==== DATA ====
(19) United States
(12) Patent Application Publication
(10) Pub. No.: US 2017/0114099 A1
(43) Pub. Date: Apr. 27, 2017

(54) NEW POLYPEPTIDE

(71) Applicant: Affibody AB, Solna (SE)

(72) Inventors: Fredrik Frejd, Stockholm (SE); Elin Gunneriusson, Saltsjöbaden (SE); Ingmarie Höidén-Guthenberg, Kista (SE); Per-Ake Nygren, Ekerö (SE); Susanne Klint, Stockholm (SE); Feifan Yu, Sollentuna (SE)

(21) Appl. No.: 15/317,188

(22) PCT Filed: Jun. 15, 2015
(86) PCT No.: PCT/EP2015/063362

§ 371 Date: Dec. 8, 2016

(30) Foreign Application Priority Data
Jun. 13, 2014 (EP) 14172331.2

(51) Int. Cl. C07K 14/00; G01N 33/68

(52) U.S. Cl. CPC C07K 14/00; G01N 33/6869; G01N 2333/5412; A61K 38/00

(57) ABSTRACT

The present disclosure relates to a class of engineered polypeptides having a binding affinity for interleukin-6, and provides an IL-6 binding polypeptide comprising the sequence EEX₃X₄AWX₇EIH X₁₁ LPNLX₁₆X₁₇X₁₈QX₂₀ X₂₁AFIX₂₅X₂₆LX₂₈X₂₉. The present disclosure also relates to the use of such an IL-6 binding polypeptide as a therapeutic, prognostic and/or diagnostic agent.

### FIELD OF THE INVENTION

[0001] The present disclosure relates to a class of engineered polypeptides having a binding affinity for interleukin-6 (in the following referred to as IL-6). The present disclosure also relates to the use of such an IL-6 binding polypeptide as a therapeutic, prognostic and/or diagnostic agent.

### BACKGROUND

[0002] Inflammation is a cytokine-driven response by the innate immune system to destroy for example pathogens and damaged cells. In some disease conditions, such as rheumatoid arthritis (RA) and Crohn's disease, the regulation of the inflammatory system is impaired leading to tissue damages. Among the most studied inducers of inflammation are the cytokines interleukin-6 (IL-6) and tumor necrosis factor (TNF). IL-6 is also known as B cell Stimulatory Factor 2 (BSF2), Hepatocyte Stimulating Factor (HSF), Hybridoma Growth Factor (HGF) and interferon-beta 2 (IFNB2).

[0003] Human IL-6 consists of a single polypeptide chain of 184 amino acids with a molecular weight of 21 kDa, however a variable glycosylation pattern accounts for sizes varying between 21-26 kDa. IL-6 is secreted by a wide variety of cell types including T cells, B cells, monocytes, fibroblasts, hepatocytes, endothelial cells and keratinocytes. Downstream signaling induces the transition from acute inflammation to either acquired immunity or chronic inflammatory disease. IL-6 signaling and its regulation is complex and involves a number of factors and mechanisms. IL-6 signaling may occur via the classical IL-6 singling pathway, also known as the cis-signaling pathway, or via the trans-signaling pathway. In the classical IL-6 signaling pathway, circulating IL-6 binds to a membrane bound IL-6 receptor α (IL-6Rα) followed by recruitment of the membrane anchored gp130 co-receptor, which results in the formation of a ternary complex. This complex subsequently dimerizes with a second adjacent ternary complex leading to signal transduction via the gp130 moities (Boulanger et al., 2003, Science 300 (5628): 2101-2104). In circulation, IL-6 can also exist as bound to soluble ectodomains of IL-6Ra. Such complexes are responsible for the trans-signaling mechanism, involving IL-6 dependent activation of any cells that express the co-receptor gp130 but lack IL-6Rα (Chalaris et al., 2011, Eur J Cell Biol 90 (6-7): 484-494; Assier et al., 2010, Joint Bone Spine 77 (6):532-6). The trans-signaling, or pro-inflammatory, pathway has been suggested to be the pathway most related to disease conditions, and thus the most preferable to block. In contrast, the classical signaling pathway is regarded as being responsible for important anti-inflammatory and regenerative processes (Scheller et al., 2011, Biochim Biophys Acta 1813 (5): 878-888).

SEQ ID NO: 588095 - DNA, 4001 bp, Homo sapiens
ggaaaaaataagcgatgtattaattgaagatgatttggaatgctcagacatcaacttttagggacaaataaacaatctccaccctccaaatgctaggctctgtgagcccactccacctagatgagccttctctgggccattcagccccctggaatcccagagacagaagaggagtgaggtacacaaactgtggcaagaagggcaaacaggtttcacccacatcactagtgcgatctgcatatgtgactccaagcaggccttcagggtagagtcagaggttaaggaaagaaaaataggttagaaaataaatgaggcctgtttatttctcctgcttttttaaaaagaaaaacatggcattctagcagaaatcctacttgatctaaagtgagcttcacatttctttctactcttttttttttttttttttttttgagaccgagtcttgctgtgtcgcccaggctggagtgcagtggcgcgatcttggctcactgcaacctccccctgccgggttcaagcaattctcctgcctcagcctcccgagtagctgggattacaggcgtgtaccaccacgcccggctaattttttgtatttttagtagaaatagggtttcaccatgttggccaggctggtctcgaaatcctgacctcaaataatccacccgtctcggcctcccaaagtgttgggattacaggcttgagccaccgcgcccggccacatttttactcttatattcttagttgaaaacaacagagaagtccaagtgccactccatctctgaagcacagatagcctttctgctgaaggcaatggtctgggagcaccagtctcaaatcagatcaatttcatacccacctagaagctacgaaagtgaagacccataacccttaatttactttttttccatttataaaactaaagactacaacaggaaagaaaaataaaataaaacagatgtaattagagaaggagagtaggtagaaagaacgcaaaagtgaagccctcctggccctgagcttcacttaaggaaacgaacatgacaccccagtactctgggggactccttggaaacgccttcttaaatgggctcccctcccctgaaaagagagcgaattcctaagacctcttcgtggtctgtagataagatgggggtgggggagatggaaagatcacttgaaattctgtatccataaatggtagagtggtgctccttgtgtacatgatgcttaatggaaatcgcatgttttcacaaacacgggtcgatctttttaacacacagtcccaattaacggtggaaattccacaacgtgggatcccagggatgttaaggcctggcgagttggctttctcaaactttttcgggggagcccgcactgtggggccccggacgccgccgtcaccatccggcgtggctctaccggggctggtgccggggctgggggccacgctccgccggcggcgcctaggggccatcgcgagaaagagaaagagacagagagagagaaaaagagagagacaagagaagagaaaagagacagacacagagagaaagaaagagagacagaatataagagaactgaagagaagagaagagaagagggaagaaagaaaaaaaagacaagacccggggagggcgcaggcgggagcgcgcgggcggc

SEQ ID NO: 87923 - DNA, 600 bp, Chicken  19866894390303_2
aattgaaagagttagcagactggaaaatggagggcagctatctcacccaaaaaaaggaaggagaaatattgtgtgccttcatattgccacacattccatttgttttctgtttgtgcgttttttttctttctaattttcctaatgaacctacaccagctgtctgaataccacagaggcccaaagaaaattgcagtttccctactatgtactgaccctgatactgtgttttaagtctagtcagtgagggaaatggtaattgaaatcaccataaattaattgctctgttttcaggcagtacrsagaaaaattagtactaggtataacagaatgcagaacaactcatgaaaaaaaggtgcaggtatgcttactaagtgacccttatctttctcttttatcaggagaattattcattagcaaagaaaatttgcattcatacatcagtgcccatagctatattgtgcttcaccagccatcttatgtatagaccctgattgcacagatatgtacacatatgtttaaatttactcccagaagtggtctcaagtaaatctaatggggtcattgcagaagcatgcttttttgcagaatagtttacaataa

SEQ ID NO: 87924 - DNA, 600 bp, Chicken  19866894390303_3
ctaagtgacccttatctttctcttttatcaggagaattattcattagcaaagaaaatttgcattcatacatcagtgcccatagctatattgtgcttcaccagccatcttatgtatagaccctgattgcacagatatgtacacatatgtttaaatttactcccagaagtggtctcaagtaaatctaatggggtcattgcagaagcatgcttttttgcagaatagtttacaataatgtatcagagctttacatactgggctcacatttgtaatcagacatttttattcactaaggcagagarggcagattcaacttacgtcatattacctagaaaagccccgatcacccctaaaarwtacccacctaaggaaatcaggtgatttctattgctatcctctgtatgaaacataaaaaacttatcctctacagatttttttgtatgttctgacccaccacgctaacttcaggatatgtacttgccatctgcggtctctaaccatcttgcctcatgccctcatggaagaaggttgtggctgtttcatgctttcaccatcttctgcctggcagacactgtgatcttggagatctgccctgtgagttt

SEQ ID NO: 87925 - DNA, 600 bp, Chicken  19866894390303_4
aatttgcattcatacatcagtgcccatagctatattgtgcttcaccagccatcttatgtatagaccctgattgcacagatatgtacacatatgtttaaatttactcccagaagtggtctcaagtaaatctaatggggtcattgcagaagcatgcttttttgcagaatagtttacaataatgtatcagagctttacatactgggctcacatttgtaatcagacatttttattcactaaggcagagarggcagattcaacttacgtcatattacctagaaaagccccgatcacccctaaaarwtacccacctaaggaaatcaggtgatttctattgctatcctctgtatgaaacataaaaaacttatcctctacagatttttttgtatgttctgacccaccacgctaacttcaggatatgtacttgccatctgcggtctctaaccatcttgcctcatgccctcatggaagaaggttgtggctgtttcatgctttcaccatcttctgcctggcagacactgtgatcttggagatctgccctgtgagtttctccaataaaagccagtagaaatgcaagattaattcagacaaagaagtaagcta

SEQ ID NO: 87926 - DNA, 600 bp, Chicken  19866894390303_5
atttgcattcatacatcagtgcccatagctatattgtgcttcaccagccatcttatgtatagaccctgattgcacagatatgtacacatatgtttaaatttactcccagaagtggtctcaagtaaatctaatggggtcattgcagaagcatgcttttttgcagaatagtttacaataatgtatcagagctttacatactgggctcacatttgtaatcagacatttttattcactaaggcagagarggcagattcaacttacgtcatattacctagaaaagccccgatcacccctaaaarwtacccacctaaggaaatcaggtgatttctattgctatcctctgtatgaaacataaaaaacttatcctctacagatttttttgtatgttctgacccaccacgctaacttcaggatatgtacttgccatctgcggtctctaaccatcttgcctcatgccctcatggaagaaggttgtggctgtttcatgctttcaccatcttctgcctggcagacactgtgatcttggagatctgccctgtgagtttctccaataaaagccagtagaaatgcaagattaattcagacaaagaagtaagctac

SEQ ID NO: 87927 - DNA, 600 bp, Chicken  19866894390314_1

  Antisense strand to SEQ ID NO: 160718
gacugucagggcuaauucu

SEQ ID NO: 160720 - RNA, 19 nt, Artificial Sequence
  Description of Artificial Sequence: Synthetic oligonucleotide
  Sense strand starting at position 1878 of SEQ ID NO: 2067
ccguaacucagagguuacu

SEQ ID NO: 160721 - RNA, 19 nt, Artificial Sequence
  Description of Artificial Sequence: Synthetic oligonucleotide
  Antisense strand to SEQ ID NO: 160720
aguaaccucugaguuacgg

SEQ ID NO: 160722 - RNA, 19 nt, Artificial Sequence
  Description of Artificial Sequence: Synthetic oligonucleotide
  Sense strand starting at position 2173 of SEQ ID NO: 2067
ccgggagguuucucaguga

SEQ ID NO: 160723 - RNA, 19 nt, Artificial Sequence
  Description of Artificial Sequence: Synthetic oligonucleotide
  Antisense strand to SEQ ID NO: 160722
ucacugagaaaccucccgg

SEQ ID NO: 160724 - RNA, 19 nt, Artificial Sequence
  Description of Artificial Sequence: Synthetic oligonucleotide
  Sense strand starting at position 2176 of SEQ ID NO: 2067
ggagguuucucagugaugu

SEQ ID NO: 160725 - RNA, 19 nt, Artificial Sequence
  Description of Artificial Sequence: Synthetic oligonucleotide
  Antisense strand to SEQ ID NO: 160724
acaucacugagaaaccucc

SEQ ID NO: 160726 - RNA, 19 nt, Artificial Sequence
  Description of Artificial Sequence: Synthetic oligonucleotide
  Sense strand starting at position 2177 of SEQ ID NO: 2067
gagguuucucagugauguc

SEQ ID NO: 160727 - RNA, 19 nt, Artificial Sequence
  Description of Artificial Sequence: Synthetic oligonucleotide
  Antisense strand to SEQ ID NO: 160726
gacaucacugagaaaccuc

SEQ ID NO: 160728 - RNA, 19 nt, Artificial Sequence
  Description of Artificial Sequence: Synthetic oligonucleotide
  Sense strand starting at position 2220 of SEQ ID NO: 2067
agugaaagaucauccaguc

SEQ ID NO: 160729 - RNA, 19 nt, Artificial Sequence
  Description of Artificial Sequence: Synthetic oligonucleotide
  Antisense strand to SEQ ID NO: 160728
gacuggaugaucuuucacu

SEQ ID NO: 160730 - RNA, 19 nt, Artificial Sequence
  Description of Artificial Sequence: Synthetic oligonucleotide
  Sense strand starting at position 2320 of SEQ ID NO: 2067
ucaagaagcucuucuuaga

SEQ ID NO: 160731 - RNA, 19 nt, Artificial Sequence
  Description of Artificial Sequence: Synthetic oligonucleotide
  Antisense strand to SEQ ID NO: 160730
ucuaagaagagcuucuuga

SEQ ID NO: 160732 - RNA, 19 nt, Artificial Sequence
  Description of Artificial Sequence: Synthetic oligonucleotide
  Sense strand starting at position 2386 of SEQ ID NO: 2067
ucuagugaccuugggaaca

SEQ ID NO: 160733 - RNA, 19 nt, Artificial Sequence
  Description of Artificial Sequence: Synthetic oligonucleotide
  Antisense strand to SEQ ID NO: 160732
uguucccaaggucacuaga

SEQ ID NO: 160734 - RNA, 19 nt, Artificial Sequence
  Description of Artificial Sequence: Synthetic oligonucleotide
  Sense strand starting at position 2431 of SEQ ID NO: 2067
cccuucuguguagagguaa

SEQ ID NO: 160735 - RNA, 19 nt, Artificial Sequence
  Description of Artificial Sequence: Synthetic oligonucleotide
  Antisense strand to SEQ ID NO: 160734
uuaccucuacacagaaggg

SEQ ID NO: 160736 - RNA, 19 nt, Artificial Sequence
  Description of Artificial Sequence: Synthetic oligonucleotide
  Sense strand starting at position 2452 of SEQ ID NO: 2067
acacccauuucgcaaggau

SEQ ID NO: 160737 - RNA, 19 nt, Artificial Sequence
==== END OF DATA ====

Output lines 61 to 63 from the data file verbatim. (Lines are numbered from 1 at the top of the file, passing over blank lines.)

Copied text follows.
  Description of Artificial Sequence: Synthetic oligonucleotide
  Sense strand starting at position 2177 of SEQ ID NO: 2067
gagguuucucagugauguc